Flaviviruses replicate well in BHK-21 cells, which are naturally PKG-deficient [22], thus it seems that PKG is not necessary for propagation of flaviviruses in cell culture. When phosphorylation of flaviviral NS5 (DENV-2) was first detected by relatively unsensitive techniques, it was particularly prominent only under low serum conditions [13]. However, the NS5 protein from multiple mosquito-borne flaviruses (WNV (above), DENV-2 [15], and YFV [27]) have now been shown to be a substrate for PKG, and we show here that PKG’s expression in BHK-21 cells is associated with an enhancement in WNV replication. As flaviviruses have limited coding ability and high replication rates, the conservation suggests an evolutionary advantage for the preservation of PKG substrate sites. Furthermore, activation of PKG in mosquitos leads to increased wing activity [16], similar to the increase in foraging noted in insects that are not viral disease vectors [28,29]. This could be the mechanistic basis for the recently reported increase in mosquito flight caused by DENV [30] and could facilitate viral transmis-sion and account for the conservation of PKG phosphorylatable sites in mosquito-transmitted flaviviruses.

Conclusions

We show that mosquito-borne, but not tick-borne, flaviviral NS5 are substrates for phosphorylation by and interact with mammalian PKG. The data here suggest further substrate specificities for mammalian PKG between mosquito- and tick-borne flaviviral NS5, as LGTV NS5 does not interact with PKG as WNV NS5 does. The WNV MTase domain alone is able to interact with PKG, so this domain is a significant substrate for both PKG phosphorylation and interaction. The αE helical region of the MTase domain is involved in the interaction between WNV NS5 and PKG. Specific mutations within this region that interrupt the WNV MTase-PKG interaction result in non-functional WNV replication. While a specific mechanism for PKG’s phosphorylation of and interaction with NS5 affects flaviviral replication remains unknown, the results provide more information about an overall role for PKG in both Aedes- and Culex-borne flaviviral infections.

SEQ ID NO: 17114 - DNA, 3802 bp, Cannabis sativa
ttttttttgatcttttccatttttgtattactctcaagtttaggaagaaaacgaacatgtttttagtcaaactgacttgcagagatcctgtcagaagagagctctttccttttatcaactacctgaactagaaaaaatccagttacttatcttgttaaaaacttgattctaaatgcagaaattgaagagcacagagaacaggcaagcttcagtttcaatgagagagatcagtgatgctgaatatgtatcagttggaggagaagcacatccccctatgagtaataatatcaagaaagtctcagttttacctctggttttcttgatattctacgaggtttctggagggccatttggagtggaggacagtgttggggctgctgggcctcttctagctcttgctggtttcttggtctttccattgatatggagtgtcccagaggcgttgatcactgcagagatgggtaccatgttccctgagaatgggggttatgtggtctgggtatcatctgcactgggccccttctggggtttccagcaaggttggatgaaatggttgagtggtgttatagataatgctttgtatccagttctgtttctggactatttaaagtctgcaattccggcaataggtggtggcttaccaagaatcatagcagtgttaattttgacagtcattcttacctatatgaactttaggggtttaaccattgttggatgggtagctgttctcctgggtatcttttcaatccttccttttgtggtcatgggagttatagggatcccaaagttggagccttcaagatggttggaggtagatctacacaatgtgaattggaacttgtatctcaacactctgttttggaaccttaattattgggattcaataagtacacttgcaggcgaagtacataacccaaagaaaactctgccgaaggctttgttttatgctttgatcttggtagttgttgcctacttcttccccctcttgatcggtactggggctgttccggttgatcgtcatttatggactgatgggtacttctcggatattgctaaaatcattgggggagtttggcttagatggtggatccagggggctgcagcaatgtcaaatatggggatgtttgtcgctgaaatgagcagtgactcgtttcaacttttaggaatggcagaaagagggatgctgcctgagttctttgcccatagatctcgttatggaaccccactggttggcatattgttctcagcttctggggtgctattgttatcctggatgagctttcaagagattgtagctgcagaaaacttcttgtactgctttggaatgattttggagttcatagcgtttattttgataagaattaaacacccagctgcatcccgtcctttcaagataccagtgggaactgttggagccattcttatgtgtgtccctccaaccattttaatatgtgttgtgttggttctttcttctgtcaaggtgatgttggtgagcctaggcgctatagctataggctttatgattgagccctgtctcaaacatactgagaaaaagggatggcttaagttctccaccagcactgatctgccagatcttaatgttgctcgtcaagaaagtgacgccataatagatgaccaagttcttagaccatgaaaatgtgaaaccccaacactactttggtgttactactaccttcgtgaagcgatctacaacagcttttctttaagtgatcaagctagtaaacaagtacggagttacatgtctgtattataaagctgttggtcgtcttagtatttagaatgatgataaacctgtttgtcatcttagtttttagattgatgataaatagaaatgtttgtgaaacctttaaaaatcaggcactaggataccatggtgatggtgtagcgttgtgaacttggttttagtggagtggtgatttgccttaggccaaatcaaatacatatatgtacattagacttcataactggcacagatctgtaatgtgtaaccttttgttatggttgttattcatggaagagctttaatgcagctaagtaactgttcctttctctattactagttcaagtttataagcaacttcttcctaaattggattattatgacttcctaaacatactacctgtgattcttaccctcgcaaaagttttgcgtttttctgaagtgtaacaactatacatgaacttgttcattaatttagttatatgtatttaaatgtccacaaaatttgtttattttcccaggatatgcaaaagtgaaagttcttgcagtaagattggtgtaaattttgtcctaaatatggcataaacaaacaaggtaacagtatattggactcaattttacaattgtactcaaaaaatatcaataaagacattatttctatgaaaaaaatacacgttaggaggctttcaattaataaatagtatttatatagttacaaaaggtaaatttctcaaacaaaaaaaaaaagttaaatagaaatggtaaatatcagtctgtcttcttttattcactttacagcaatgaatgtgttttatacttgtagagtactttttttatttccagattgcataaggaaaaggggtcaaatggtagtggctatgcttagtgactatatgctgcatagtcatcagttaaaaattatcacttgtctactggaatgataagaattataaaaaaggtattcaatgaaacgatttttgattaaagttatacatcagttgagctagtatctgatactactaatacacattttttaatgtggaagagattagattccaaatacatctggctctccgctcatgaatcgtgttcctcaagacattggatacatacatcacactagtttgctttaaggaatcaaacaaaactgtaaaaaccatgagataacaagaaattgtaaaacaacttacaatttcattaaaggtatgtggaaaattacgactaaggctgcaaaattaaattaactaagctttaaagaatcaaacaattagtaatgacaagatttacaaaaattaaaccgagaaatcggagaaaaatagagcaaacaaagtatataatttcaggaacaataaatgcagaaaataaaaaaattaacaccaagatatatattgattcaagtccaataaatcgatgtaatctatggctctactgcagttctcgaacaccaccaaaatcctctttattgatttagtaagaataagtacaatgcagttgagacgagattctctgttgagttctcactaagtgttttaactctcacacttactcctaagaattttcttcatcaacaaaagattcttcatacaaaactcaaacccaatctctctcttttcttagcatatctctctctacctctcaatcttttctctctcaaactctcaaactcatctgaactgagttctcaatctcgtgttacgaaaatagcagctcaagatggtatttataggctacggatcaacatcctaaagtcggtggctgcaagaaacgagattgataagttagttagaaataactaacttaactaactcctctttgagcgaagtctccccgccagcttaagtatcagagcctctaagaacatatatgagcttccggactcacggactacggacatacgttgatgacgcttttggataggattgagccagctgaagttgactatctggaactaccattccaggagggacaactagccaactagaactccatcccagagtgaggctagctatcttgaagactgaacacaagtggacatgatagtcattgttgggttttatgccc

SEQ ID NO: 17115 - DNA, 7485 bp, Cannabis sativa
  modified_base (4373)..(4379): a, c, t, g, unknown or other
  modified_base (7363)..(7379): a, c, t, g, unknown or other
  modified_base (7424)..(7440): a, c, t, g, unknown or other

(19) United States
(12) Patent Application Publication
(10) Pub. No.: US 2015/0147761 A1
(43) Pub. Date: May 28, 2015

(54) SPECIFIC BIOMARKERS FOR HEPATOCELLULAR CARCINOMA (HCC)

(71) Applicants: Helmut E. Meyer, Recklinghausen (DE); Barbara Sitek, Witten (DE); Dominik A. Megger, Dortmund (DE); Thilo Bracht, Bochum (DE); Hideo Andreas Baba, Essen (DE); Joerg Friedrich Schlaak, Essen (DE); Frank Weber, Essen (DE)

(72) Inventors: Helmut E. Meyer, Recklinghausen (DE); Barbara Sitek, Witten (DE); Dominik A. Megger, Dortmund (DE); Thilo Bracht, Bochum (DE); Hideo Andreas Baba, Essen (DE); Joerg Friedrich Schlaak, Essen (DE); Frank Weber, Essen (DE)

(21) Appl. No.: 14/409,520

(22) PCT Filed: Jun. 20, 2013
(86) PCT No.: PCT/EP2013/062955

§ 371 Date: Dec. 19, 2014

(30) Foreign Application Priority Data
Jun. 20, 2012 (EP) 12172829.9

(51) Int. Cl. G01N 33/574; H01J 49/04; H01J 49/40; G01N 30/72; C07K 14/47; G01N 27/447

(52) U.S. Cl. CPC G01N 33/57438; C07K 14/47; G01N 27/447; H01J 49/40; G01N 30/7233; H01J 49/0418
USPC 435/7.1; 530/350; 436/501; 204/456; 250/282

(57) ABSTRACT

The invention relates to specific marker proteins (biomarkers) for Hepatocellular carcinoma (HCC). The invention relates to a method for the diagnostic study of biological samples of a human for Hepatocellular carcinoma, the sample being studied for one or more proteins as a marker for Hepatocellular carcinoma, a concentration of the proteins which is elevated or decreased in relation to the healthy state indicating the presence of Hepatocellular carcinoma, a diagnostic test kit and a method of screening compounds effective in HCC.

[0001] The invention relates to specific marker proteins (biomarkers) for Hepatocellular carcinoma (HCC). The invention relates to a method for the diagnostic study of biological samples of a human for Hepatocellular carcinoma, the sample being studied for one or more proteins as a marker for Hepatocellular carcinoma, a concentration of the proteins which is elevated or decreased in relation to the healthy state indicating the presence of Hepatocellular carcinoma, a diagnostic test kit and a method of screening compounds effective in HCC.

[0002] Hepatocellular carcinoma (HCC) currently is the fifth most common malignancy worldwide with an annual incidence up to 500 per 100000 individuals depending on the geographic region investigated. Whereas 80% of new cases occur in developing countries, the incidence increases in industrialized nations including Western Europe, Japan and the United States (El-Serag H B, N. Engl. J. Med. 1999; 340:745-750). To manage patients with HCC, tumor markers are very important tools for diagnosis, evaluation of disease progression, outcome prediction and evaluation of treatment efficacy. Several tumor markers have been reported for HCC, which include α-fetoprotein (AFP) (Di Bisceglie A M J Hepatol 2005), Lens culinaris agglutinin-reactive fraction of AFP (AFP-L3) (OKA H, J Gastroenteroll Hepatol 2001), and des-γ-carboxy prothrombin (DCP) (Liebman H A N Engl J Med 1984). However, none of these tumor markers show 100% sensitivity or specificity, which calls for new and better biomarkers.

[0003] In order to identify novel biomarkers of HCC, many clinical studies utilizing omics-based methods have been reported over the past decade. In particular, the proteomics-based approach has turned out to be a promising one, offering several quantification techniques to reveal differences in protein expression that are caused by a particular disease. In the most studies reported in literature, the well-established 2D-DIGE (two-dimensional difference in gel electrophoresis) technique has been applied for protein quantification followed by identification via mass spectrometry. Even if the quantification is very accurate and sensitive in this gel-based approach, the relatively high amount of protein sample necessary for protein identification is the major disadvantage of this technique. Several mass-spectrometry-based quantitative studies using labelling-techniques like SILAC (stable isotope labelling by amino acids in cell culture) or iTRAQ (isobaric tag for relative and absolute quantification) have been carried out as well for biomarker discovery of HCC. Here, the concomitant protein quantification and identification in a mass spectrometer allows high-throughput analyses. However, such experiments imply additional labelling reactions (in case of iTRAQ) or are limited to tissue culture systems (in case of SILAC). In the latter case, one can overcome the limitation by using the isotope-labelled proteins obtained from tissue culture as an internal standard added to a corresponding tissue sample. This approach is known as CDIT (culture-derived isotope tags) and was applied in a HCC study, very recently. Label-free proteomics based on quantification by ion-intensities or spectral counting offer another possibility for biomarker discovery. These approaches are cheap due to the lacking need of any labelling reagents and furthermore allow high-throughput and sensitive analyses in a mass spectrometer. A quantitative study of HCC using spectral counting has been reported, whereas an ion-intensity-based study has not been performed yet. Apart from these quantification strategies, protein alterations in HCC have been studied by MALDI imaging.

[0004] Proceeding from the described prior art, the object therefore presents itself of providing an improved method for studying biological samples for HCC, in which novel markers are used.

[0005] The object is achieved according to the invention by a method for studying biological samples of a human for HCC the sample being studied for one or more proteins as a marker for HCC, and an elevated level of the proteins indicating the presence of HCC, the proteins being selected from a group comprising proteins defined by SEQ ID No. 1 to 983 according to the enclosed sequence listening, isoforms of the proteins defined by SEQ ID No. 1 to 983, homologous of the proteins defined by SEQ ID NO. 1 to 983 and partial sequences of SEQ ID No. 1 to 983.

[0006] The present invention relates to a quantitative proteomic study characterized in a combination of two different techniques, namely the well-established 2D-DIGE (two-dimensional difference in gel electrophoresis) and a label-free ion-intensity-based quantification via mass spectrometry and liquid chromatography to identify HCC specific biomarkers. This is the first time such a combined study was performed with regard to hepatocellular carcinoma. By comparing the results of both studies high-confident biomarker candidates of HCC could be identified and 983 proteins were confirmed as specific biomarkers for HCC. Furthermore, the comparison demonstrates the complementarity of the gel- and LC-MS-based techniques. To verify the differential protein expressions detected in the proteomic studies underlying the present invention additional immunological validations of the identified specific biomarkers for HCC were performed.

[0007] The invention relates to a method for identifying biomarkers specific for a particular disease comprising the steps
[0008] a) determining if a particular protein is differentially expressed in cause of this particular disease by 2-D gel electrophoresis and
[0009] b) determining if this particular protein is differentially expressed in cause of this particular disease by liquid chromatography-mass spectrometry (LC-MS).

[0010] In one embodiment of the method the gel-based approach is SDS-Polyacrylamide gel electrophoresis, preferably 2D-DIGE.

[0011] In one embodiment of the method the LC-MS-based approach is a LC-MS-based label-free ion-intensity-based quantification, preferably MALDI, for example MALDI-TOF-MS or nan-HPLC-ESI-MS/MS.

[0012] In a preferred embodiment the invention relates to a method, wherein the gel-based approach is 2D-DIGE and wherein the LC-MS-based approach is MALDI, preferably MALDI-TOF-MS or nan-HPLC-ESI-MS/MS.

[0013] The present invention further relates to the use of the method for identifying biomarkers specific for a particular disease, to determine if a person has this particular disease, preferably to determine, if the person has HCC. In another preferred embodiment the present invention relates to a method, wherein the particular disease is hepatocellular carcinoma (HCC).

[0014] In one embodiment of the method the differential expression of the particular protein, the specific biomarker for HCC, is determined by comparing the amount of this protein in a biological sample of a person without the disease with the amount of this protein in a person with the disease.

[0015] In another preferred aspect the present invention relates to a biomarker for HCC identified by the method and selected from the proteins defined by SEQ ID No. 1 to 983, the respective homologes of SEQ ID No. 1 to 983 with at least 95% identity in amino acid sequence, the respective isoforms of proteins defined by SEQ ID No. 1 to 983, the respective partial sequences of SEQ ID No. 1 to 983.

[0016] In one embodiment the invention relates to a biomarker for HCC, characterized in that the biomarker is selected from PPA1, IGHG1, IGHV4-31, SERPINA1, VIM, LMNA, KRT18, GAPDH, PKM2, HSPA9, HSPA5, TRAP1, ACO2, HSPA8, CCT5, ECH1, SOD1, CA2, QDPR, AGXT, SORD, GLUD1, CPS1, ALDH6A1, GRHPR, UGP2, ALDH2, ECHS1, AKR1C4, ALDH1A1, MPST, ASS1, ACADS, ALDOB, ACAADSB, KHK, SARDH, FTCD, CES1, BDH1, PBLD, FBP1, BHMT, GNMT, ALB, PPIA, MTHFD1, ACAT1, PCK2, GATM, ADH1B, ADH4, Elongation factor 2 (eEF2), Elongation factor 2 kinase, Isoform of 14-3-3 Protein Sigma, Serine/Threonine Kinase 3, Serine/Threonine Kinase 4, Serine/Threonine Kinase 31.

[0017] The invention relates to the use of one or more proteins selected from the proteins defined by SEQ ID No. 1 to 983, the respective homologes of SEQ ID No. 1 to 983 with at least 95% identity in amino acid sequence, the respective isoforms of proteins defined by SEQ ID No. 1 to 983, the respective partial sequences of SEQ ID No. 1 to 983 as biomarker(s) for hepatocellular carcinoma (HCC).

Materials and methods

All research was approved by the relevant committees at UW Madison.

Cell culture and viral infections

Human embryonic kidney (HEK293T, ATCC#CRL-11268) and baby hamster kidney cells (BHK-21; ATCC #CCL-10) cells were grown in Dulbecco’s Modified Eagle Medium (DMEM, Sigma, St Louis, MO) supplemented with 10% heat-inactivated fetal bovine serum (HI-FBS), 100 U/mL penicillin and 0.1 mg/mL streptomycin (Sigma). African green monkey kidney cells (Vero; ATCC #CCL-81) were maintained in minimal essential medium (MEM, Invitrogen, Carlsbad, CA) supplemented with 10% HI-FBS, 2 mML-glutamine and 1.5 g/L sodium bicarbonate, 100 U/mL penicillin, and 100 μg/mL streptomycin. Cells were incubated in 5% CO2 at 37°C.

WNV was produced from an infectious cDNA clone of an isolate from New York in 2000 [31]. RNA was in vitro transcribed from the cDNA clone and then electroporated into BHK-21 cells as previously described [32]. Viral titers were determined by plaque assays on Vero cell monolayers. For WNV infections, HEK293T were seeded and incubated at 37°C overnight. Medium was removed, and the cells were inoculated with WNV in DMEM medium supplemented with 1% HI-FBS at 37°C. At 1hour post-inoculation, the medium was replaced with DMEM supplemented with 10% HI-FBS, 50 U/mL penicillin, and 0.05mg/mL streptomycin, and the cells were incubated at 37°C. Supernatants were harvested at the indicated time points post-infection and stored in aliquots for titering by plaque assay on Vero cells. For mass spectrometry analysis, infected HEK293T cells were lysed by homogenization in Tris-Cl buffer containing 1% NP-40, 1X Halt Inhibitor Protease Cocktail (Pierce, Rockford, IL) and 1X Halt Phosphatase Inhibitor Cocktail (Pierce). WNV NS5 was purified from the cell lysate by immunoprecipitation overnight with a custom-made rabbit polyclonal antibody against WNV NS5 (Covance, Princeton, NJ).